Ignasi Belda, PhD CEO1st of February 2013 Jornada TOX®
Business linesIntelligent Discovery We carry out computational chemistry projects using our self- developed and third party technologies for drug discovery, cosmetics and nutraceuticals.Intelligent Software We offer advanced software development solutions for companies and institutions working in life sciences.Intelligent Knowledge We commercialize third party software application for knowledge management focusing on life sciences.
Offices: Clients: Markets: • Pharmaceutical companies • Europe Barcelona Science Park Spain • Biotech companies • USA • Life Sciences institutions: • South America: Mexico, Brazil Hospitals, Universities, • Asia: Korea Technologie Park Heidelberg Technological Transfer Offices Germany Collaborations: Synthesis and Medicinal Chemistry Software Partners BioPark Hertfordshire United Kingdom 185 Alewife Brook Parkway Cambridge, MA USA
> 100 Research Projects in 5 years Type of Projects
> 100 Research Projects in 5 years Therapeutic AreasType of targets
Determination of mechanism of action Computer-aided Hit to Lead optimization ADME/Tox prediction Solving physicochemical problems Extension of patent protectionIdentification of new active compounds Drug ReprofilingDetermination of inhibitors Identification of back-upsIdentification of off-targetsSelectivity Studies
Molecular Dynamics AllostericsPharmacophor Modeling Prof. Alejandro Pankovich, Xavier Daura Universitat Autònoma de BarcelonaBio-informatic tools
PREDICTIVE TOXICOLOGY/PHARMACOLOGYInitiativesComputational Toxicology Research Program (CompTox)USA – environmental protection agency (http://www.epa.gov/heasd/edrb/comptox.html)Predictive ToxicologyEurope – joint research center (http://ihcp.jrc.ec.europa.eu/our_labs/predictive_toxicology)Computational toxicology at the European Commissions Joint Research CentreEurope Union The methods and tools of computational toxicology form an essential and integrating pillar in the new paradigm of predictive toxicology, which seeks to develop more efficient and effective means of assessing chemical toxicity, while also reducing animal testing.**Mostrag-Szlichtyng A., Zaldivar Comenges JM, Worth AP. Computational toxicology at the EuropeanCommissions Joint Research Centre (2010) Expert Opin Drug Metab Toxicol, 6(7), 785-92.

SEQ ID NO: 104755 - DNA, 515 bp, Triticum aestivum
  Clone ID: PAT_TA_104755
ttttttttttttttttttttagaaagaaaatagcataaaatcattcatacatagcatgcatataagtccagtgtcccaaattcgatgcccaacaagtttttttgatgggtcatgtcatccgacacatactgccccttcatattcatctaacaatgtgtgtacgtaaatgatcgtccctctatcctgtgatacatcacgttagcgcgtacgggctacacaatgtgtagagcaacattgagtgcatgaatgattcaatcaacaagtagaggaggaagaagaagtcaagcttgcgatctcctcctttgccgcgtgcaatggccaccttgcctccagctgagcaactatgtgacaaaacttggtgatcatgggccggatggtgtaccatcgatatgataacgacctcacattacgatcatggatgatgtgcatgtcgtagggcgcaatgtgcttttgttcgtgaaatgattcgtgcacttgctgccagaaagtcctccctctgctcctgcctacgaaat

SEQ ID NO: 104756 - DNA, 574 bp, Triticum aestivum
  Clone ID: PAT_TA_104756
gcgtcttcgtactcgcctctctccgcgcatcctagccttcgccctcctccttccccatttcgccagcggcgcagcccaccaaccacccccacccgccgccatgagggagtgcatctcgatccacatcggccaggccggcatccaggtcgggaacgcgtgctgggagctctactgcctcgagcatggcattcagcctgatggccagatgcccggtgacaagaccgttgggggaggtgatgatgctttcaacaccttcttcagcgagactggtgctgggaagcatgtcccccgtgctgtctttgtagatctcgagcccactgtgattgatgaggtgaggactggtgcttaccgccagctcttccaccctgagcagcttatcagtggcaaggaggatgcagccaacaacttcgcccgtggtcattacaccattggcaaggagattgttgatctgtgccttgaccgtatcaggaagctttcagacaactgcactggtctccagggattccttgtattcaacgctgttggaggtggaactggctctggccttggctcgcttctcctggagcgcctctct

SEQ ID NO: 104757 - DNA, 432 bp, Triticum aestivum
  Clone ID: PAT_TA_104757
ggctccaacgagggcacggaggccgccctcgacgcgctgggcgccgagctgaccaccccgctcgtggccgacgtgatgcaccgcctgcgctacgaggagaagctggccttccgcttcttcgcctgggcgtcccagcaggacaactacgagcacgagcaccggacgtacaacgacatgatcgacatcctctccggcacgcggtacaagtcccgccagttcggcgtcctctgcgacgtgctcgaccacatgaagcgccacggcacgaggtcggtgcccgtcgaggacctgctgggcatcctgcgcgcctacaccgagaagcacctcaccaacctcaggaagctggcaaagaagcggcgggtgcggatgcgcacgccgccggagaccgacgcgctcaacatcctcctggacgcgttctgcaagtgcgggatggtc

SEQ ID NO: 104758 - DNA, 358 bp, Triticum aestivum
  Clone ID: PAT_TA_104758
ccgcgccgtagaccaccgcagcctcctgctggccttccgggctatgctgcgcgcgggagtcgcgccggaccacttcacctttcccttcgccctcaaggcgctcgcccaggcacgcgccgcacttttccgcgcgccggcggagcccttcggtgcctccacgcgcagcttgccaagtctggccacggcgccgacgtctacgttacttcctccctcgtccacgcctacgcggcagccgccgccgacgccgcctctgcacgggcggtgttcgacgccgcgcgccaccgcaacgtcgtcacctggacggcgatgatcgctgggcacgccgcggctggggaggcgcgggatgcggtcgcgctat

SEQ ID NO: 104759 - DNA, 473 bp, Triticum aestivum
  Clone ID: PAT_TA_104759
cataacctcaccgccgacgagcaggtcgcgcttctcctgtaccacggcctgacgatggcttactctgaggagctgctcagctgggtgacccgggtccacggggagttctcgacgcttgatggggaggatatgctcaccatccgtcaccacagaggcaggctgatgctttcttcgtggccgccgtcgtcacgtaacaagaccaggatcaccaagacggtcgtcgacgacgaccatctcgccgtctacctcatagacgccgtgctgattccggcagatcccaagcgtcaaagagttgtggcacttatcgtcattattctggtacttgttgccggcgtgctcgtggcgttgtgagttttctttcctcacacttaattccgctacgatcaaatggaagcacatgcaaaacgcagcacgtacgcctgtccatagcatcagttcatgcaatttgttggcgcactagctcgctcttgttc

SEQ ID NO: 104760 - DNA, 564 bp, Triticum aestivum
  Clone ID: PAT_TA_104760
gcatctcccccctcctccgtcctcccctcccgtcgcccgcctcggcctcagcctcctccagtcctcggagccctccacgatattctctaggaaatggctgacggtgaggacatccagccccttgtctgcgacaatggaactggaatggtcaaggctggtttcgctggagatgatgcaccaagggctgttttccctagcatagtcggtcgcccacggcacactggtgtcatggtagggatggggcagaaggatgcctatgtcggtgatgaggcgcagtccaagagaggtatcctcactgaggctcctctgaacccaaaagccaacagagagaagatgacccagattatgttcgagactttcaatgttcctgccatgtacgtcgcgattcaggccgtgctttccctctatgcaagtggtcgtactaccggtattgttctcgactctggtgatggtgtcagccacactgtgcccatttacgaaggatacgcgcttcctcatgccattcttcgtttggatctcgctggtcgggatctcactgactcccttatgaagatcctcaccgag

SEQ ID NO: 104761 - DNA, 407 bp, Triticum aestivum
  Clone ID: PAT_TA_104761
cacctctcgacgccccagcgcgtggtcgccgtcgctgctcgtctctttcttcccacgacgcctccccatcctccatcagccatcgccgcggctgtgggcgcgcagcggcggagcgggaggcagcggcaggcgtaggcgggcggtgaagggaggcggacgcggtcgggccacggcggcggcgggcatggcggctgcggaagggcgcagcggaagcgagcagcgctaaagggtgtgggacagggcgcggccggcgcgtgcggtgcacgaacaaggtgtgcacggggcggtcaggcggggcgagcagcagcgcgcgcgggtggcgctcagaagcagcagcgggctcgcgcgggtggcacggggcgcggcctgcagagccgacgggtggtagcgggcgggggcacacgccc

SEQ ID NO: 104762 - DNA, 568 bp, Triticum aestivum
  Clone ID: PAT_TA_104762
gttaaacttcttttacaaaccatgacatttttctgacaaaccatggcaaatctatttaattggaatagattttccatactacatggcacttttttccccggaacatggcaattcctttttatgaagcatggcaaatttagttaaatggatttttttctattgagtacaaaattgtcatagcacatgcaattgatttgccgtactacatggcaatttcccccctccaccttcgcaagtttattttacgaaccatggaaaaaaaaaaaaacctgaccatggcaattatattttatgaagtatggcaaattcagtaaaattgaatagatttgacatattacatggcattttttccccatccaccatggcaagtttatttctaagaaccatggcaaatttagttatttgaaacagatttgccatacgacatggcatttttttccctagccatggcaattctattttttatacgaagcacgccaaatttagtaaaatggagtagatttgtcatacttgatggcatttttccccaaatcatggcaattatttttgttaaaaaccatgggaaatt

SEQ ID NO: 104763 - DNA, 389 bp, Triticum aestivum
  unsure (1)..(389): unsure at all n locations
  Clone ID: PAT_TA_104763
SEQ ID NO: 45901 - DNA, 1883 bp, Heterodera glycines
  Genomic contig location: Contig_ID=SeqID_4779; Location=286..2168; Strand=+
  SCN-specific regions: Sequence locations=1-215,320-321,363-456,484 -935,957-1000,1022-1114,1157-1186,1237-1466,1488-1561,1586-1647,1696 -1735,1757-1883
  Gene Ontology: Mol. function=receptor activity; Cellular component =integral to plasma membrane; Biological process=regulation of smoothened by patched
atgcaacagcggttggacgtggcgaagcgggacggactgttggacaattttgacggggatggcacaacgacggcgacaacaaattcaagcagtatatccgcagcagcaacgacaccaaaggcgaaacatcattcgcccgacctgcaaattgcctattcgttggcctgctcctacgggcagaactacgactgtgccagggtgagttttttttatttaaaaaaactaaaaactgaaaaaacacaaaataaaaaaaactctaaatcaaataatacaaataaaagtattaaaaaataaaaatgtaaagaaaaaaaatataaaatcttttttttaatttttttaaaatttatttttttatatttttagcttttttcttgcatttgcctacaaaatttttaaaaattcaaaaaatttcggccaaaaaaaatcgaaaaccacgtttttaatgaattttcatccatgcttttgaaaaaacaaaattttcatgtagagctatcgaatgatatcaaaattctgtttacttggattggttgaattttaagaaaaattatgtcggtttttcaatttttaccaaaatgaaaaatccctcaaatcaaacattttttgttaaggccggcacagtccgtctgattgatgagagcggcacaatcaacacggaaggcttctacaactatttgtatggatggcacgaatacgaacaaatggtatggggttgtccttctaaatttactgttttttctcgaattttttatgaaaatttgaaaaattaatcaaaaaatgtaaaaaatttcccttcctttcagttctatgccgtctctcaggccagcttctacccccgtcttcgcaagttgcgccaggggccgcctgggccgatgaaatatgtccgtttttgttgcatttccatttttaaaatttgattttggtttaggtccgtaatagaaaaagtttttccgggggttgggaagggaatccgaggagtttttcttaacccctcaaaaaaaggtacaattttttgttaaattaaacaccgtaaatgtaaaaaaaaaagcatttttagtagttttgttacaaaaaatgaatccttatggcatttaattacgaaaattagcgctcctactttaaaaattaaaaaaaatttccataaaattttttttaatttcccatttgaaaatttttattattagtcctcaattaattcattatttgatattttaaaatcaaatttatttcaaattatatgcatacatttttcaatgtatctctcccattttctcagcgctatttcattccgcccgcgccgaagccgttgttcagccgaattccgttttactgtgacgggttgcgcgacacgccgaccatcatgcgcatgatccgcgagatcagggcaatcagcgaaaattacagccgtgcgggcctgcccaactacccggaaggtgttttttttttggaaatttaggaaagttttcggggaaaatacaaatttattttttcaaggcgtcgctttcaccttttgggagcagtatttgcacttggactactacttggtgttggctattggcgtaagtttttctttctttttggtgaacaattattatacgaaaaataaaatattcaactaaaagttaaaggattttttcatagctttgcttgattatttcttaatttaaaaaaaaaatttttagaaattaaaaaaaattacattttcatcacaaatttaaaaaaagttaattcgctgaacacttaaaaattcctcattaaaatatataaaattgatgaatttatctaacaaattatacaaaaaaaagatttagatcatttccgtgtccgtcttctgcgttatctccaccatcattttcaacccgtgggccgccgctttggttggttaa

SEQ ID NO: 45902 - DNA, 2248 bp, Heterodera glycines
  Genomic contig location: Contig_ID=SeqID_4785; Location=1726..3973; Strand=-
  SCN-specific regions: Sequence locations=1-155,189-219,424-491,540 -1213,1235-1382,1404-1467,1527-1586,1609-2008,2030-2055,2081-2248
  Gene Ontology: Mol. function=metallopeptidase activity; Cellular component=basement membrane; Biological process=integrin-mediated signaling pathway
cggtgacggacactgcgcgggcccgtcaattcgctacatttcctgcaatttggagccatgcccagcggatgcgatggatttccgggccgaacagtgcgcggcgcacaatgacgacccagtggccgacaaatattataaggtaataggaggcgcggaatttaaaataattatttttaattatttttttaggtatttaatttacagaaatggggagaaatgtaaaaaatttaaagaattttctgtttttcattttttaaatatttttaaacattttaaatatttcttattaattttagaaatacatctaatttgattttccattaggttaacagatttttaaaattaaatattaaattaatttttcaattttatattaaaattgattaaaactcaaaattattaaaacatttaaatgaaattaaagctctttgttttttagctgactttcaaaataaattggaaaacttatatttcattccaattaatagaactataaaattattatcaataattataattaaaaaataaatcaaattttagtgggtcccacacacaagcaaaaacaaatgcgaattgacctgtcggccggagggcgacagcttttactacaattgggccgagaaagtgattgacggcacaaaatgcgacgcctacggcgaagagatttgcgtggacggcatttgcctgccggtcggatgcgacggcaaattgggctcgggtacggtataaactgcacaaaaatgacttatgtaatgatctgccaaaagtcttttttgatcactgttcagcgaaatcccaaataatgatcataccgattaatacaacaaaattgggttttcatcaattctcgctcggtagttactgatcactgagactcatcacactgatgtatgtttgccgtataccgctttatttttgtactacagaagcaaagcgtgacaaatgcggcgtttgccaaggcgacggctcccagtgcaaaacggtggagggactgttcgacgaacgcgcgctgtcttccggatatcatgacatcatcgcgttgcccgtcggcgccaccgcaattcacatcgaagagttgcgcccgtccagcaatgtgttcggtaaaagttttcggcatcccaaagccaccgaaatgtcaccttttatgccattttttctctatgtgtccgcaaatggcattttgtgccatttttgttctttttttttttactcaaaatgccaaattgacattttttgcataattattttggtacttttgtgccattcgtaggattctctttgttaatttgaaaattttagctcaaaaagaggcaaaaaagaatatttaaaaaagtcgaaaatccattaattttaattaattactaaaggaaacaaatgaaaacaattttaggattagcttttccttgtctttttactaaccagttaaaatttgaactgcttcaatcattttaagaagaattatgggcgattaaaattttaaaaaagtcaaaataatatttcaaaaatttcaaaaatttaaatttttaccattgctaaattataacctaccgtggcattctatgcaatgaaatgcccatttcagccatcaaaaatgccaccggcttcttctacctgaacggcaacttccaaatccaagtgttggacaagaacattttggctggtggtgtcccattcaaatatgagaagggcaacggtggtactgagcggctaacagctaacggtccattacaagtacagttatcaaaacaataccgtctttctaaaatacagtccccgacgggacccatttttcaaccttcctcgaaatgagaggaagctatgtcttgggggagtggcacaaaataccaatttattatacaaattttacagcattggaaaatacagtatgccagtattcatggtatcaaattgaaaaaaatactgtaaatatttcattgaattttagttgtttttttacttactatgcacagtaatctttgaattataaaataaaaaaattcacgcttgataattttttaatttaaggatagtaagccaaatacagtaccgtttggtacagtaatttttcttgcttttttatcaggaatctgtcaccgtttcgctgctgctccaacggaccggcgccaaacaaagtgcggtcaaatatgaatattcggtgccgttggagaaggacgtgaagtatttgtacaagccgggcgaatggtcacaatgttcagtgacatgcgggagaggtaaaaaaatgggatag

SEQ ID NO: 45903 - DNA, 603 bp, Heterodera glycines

Molecules used as pharmaceuticals/active ingredients 3-D structure 2-D structure Biological FunctionBiological molecules as Sugars, DNA & Proteins 3-D structure Primary sequence
Molecules with measured Cardiovascular Toxicity 3-D structure 2-D structure Cardiovascular ToxicityhERG & KCQN1 is responsible for Cardiovascular Toxicity 3-D structure
DISCOVERY PROJECTSReceptor-based Virtual Screening Determination of inhibitorsOnly receptor’s information is needed Hit to lead optimization Determines Binding Energy and Binding Design more potent ligandsConstants Kd (mM, μM and nM) Drug ReprofilingObtains Structural Data Determination of MOAHigh throughput screeningBased on DockingDocking algorithms based on Vina1 & Autodock 4.22 Binding Energies & Binding Modes Biological Target + Molecules Receptor Active -13kcal/mol Expected binding mode HMG-CoA Reductase -6kcal/mol Inactive Other binding mode 1 O Trott, AJ Olson J Comput Chem. 2010, 31, 455–461. 2 G Morris, D Goodsell, R Halliday, R Huey, W Hart, R Belew, A Olson J Comput Chem. 1998, 19, 1639–62.
Based on different descriptors & algorithms Descriptors: Property based MW 423 358 284 … RotBond 7 3 0 … PSA 110 60 160 … …. … … … … Circular fingerprints (ECFP2, Molprint2D3) Fragments (Lingo4) 2D molecular fields (GRIND1) Mathematical tools: PLS SVM Bayesian PCA1 M Pastor, G Cruciani, I McLay, S Pickett, S Clementi J. Med. Chem. 2000, 43, 3233-43.2 D Rogers, M Hahn J. Chem. Inf. Model. 2010, 50, 742-54.3 A Bender, HY Mussa, RC Glen J. Chem. Inf. Comput. Sci. 2003, 44, 170-88.4 D Vidal, M Thormann, M Pons J. Chem. Inf. Model. 2005, 45, 386-93.